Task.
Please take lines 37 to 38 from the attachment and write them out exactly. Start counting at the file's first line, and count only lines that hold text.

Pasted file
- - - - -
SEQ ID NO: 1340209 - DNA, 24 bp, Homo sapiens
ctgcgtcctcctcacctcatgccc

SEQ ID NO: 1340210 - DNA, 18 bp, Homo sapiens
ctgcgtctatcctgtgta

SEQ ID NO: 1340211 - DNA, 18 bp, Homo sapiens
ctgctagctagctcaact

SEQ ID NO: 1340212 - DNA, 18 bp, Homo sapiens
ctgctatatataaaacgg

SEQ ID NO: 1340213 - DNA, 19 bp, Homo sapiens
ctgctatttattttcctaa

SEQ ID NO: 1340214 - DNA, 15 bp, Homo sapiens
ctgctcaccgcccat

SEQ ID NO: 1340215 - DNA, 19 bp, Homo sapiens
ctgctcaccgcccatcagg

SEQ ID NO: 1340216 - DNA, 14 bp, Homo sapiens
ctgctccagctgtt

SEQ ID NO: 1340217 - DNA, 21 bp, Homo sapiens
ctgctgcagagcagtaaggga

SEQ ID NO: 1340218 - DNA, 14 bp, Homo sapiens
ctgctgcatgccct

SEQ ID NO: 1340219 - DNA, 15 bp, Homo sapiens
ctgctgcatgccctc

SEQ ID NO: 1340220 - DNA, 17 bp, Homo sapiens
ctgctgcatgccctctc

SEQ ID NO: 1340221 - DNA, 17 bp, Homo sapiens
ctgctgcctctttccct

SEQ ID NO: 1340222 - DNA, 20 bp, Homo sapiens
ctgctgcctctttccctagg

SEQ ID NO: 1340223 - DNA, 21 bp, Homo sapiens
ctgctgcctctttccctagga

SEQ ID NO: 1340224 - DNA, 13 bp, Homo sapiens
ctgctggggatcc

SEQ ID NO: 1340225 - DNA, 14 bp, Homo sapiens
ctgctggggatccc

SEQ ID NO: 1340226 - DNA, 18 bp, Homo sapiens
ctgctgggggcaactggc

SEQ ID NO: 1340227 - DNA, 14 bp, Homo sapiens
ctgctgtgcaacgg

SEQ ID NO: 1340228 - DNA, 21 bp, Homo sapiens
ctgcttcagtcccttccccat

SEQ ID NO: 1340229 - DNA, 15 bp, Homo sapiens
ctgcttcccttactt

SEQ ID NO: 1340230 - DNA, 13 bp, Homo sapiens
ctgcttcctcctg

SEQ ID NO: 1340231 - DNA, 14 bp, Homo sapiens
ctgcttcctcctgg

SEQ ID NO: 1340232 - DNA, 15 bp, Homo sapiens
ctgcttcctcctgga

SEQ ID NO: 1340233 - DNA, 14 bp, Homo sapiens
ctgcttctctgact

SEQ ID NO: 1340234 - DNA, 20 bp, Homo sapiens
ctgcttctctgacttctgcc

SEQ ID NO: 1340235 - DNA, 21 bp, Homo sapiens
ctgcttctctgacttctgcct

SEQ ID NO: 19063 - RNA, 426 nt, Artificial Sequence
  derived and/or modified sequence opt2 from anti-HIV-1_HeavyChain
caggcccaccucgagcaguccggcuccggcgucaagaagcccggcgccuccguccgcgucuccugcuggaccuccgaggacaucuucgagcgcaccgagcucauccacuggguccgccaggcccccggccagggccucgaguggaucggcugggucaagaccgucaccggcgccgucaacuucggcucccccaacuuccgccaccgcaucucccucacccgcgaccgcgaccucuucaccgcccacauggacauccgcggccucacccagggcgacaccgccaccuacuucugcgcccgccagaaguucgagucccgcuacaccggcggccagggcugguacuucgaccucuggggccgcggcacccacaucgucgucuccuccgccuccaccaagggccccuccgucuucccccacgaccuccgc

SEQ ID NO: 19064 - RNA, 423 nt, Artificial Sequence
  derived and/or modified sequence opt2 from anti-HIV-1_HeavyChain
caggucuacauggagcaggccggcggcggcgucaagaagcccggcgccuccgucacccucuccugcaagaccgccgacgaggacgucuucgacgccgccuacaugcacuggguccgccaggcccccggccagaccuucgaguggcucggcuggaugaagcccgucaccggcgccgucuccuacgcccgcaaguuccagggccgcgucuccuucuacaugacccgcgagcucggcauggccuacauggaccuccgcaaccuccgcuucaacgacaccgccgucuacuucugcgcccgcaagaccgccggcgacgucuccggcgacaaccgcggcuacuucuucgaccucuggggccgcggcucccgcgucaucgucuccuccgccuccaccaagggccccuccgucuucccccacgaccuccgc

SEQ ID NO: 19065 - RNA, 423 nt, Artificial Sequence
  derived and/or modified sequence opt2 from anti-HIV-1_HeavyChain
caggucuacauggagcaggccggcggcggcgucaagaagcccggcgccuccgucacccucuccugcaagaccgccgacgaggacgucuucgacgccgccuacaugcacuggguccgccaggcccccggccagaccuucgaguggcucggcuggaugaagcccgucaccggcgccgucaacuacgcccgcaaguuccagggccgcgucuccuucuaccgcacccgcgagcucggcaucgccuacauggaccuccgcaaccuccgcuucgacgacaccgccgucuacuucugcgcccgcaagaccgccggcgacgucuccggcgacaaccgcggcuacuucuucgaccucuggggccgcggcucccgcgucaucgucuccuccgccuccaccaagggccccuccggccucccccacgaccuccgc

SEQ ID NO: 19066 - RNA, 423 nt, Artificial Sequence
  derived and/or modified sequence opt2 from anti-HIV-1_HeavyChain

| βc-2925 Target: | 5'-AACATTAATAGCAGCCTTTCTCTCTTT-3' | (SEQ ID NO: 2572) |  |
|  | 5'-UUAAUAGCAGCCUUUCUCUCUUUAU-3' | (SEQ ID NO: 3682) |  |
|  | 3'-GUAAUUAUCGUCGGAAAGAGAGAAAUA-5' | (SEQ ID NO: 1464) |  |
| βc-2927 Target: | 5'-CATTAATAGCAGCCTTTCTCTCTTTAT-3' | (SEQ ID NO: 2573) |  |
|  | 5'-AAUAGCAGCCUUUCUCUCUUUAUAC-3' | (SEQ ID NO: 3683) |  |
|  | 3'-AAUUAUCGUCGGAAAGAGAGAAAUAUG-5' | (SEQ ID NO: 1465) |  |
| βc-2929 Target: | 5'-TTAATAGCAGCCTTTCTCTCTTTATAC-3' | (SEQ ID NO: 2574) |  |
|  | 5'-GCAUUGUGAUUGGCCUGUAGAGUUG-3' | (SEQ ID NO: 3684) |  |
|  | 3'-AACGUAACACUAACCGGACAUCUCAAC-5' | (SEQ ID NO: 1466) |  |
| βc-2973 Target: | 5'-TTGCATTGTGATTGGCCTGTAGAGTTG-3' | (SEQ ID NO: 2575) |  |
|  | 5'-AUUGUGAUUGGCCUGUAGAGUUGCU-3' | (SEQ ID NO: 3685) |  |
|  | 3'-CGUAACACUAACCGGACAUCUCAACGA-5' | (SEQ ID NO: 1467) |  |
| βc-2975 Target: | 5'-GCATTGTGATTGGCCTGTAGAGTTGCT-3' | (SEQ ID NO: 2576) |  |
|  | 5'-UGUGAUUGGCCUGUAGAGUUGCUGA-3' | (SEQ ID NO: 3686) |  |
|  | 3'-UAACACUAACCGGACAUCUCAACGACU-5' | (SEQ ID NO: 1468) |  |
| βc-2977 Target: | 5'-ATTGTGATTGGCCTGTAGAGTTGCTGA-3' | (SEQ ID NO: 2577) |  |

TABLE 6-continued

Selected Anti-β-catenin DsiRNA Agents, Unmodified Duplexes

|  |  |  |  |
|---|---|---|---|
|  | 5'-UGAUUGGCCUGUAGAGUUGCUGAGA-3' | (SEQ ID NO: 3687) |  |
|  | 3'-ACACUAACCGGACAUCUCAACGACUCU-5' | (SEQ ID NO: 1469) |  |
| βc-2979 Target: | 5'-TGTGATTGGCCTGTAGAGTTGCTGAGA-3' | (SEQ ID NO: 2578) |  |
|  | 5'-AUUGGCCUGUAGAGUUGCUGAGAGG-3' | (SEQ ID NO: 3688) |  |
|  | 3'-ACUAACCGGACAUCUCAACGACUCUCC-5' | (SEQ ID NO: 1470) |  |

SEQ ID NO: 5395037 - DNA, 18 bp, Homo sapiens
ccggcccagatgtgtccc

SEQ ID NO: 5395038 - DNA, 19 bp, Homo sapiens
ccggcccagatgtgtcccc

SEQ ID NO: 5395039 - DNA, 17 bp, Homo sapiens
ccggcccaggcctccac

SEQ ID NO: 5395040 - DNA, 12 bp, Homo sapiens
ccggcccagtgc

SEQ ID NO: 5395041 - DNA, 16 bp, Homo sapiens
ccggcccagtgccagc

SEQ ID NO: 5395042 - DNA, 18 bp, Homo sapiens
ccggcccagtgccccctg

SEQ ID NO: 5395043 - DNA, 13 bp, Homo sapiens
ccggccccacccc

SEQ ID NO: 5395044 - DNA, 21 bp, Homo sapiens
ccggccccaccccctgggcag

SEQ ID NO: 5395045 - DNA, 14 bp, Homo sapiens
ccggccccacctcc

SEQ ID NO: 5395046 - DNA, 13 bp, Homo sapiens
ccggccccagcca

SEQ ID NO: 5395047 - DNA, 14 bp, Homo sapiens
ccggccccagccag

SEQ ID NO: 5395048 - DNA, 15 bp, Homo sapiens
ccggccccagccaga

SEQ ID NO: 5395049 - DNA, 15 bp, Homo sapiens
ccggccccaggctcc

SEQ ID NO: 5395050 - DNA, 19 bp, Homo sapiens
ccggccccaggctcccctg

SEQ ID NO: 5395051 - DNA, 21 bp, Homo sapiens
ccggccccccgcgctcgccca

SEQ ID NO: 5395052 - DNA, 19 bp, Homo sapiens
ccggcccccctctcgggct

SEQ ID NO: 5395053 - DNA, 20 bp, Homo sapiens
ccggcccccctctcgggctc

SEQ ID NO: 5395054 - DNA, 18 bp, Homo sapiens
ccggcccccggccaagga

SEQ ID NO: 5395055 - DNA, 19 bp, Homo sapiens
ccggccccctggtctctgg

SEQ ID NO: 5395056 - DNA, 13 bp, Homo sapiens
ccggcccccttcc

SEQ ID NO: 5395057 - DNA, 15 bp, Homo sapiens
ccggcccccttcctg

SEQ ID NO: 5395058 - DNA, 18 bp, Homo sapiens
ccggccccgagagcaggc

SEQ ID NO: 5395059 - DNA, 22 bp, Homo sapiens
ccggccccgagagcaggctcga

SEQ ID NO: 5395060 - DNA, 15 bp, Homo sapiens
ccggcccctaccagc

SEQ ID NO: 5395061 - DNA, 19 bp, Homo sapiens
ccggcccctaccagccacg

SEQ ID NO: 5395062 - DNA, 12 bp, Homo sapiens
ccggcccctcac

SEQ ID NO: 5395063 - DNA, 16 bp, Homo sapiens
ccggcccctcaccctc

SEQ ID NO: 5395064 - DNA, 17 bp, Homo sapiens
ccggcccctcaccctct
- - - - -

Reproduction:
SEQ ID NO: 1340227 - DNA, 14 bp, Homo sapiens
ctgctgtgcaacgg